“All works of art are commissioned in the sense that no artist can create one by a simple act of will but must wait until what he believes to be a good idea for a work comes to him. “
W. H. Auden, British-American poet
Commissioning art is the process of hiring an artist to create an artwork, based on the client’s request. Most artists with a public presence are asked if they offer such services. After all, painting the ideas in the artist’s head is the same as what a client wants, right? This is often not the case! Abstract contemporary artist Jim Klein explores his experience with commissioned work and why not every artist (or subject) is a good fit for this creative service.
Have people approached you about commissions for your work?
Jim: I’ve had quite a few people ask me about paintings on commission, and I am very honest with the prospective client. I tell them: “Here’s what happens: I complete a painting based on what you tell me but through the lens of what I see. You probably won’t like it, you probably won’t connect with it, and then I’ll sell it to someone else.” In my experience no one has bought a contemporary or abstract commission. Art – especially abstract art- is very subjective and personal.
When I opened the J Klein Gallery years ago, a very nice couple came in to visit. After viewing my work, they expressed that they were interested in a large project of commissioned work: a 100-inch x 80-inch canvas based on a painting I had previously done. With their directive, I went to my paints… It was a lot of work.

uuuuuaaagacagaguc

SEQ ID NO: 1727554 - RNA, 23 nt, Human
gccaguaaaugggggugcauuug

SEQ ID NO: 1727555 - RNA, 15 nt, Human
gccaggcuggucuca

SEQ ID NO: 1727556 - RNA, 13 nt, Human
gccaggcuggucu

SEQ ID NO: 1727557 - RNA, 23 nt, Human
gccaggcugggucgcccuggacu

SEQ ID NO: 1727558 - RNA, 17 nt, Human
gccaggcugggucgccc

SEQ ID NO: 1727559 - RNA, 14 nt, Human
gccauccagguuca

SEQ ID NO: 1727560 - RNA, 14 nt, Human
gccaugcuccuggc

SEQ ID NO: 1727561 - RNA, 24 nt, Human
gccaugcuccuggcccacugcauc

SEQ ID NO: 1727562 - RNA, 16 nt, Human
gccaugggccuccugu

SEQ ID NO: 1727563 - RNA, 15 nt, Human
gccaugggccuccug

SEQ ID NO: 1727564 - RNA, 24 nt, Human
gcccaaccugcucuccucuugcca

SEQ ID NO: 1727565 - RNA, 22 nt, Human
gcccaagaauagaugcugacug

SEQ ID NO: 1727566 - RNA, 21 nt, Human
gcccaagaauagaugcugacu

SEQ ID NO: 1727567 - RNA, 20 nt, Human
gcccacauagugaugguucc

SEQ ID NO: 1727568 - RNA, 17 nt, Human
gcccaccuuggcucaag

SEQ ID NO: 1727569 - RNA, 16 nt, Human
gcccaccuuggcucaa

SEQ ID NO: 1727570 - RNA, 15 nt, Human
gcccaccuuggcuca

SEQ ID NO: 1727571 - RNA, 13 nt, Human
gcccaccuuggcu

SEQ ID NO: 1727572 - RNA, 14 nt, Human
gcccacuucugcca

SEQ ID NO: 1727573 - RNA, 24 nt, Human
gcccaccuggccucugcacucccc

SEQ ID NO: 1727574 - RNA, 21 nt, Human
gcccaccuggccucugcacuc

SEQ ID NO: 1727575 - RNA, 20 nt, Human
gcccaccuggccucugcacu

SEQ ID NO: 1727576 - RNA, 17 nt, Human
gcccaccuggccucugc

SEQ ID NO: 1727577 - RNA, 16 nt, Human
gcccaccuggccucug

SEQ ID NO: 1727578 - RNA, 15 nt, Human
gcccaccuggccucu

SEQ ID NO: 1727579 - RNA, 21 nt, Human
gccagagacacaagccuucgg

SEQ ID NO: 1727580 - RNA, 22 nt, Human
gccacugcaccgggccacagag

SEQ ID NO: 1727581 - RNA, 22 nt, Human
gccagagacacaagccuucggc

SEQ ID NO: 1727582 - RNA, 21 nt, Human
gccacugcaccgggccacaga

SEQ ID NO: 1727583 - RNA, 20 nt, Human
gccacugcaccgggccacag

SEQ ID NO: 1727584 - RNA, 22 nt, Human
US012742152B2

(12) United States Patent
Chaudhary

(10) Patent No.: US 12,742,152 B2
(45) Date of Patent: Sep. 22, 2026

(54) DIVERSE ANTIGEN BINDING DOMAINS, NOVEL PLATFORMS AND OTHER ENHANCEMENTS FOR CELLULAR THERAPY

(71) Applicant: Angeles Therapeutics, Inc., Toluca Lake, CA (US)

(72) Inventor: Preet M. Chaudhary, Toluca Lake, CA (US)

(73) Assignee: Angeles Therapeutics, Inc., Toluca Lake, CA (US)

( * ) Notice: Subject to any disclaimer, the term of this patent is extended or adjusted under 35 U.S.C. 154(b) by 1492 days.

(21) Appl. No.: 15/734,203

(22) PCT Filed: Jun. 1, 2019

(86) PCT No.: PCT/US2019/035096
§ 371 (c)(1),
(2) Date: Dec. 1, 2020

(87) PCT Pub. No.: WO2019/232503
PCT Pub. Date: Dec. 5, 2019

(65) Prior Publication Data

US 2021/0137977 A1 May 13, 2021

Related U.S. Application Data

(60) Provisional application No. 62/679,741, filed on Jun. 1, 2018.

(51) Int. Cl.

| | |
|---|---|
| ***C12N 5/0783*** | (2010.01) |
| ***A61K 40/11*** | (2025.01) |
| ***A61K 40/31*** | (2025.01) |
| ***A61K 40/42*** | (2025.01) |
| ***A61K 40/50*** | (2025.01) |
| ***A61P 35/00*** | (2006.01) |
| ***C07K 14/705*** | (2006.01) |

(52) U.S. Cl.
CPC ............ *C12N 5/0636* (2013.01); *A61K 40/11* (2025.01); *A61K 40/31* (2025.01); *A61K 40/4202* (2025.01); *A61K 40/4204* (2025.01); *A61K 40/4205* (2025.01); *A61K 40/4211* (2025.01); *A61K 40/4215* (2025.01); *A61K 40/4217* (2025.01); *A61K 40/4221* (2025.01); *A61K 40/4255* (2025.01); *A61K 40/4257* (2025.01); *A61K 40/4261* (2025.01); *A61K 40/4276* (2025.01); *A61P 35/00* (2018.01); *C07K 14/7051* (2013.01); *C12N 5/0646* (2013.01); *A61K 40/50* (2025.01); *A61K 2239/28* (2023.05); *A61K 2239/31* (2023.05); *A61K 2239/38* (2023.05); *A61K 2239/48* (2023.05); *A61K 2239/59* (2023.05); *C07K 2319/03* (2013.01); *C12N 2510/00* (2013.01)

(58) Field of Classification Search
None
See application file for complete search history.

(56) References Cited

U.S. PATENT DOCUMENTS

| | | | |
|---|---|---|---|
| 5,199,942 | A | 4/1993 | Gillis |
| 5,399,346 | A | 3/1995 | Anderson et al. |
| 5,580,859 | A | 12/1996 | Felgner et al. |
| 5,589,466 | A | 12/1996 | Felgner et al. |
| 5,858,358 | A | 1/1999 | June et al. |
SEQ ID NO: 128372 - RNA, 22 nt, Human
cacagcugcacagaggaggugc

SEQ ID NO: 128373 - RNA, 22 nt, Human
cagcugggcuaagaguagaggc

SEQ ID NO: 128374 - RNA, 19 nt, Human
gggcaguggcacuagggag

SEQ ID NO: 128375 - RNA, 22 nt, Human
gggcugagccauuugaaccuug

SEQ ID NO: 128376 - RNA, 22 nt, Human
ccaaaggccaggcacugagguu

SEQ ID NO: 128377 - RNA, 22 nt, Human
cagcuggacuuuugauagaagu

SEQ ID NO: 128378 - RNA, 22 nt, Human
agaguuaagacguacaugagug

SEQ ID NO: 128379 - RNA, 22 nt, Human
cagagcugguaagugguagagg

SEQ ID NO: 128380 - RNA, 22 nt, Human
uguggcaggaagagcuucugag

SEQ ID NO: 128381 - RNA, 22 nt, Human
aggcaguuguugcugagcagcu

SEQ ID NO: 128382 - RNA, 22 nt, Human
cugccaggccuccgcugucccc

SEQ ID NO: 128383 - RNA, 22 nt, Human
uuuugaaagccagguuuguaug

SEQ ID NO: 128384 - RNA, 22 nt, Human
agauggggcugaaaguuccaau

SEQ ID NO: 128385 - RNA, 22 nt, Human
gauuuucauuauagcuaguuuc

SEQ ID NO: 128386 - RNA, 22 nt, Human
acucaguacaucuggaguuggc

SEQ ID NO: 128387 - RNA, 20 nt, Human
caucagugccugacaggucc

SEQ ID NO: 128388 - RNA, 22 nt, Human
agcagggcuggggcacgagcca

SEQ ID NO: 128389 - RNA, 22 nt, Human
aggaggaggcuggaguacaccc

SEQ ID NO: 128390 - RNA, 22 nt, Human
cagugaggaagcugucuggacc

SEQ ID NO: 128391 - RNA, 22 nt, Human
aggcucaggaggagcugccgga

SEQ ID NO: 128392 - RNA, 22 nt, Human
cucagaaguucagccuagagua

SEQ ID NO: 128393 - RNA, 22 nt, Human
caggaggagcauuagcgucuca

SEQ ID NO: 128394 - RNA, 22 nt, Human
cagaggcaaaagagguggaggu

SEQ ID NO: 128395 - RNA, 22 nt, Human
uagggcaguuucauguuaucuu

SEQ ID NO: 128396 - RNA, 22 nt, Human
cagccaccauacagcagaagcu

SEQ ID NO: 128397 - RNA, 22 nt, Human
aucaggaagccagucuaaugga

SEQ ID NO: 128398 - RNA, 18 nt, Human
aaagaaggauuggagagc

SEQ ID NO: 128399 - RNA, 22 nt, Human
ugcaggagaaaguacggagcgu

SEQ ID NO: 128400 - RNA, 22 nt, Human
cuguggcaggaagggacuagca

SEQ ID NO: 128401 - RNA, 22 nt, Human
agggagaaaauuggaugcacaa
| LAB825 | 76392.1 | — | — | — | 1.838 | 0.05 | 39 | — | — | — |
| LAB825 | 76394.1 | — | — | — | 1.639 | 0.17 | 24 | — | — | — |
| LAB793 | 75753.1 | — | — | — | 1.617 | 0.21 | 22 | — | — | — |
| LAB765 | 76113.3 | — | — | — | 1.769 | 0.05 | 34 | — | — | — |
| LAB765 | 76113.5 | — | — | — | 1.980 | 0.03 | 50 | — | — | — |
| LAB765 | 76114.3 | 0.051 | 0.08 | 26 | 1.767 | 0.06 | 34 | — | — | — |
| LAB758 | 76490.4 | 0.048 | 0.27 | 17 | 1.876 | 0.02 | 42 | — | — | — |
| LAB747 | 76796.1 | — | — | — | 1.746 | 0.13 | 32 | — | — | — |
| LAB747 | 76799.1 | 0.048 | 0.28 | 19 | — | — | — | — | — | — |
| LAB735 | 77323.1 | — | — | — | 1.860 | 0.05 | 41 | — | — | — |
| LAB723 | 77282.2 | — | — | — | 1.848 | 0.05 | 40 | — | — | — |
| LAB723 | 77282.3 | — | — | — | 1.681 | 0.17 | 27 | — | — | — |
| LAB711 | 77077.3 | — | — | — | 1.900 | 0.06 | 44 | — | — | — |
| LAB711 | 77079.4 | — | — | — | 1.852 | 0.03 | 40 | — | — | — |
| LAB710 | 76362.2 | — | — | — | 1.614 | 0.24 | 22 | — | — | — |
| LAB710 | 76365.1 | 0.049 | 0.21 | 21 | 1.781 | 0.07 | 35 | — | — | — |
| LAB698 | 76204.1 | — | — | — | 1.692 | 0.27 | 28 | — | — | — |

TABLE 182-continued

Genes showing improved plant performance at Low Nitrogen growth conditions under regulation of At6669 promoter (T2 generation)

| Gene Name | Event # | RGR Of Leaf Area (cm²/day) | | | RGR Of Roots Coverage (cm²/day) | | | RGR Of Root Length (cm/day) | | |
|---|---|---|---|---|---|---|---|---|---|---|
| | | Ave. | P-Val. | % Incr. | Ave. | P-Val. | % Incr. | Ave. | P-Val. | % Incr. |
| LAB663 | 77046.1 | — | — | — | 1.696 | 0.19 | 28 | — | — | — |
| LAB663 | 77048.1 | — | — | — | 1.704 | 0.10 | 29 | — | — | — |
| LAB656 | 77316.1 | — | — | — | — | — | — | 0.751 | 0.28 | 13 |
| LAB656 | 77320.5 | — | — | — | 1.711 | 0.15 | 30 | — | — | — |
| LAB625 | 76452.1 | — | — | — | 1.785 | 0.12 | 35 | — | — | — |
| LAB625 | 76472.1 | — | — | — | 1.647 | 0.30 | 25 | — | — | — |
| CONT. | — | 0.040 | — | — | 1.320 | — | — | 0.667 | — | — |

Despite my best efforts, the commission didn’t work out. I had completed a series of six large paintings but, in the end, none of the finished paintings connected with the clients.
The bright side to all this? This “failed” commission project became my very popular Africa series. I’m so grateful for the couple who commissioned me because I never would have attempted to paint on such large canvases or broached such an unfamiliar subject. It’s good to just try projects outside of your comfort zone.
Thus, in my experience, these kinds of commissions don’t end up working out.
…Unless it’s cows.
What about “the cows”?
Jim: I have been commissioned several times to paint cows and have a 100% success rate with the client purchasing the finished work. They are very popular with people. One reason for their popularity I think is because they have eyes. Viewers can identify with the cows’ faces.
I have a deep, conscious connection to these animals. My entire life, I have grown up around and studied cows. From watching my dad milk the dairy cow or checking for sick cattle in the corral, I am intimately familiar with these animals. I really know the eyes of a cow; they’re large, fascinating, and draw you in. And I think that’s what makes my cow paintings so unique. Many artists paint cows, but not many of them have had the experiences I have. In fact, my cow streak is so unbroken, that if a subject other than a cow is commissioned I’ll say, “It’s not a cow, so I don’t think they’ll buy it.”
Will you continue to accept non-cow commissions?
Jim: I haven’t given up yet. I’d like to complete another large painting like those in the Africa series. Who knows, I might just get inspiration and see what happens!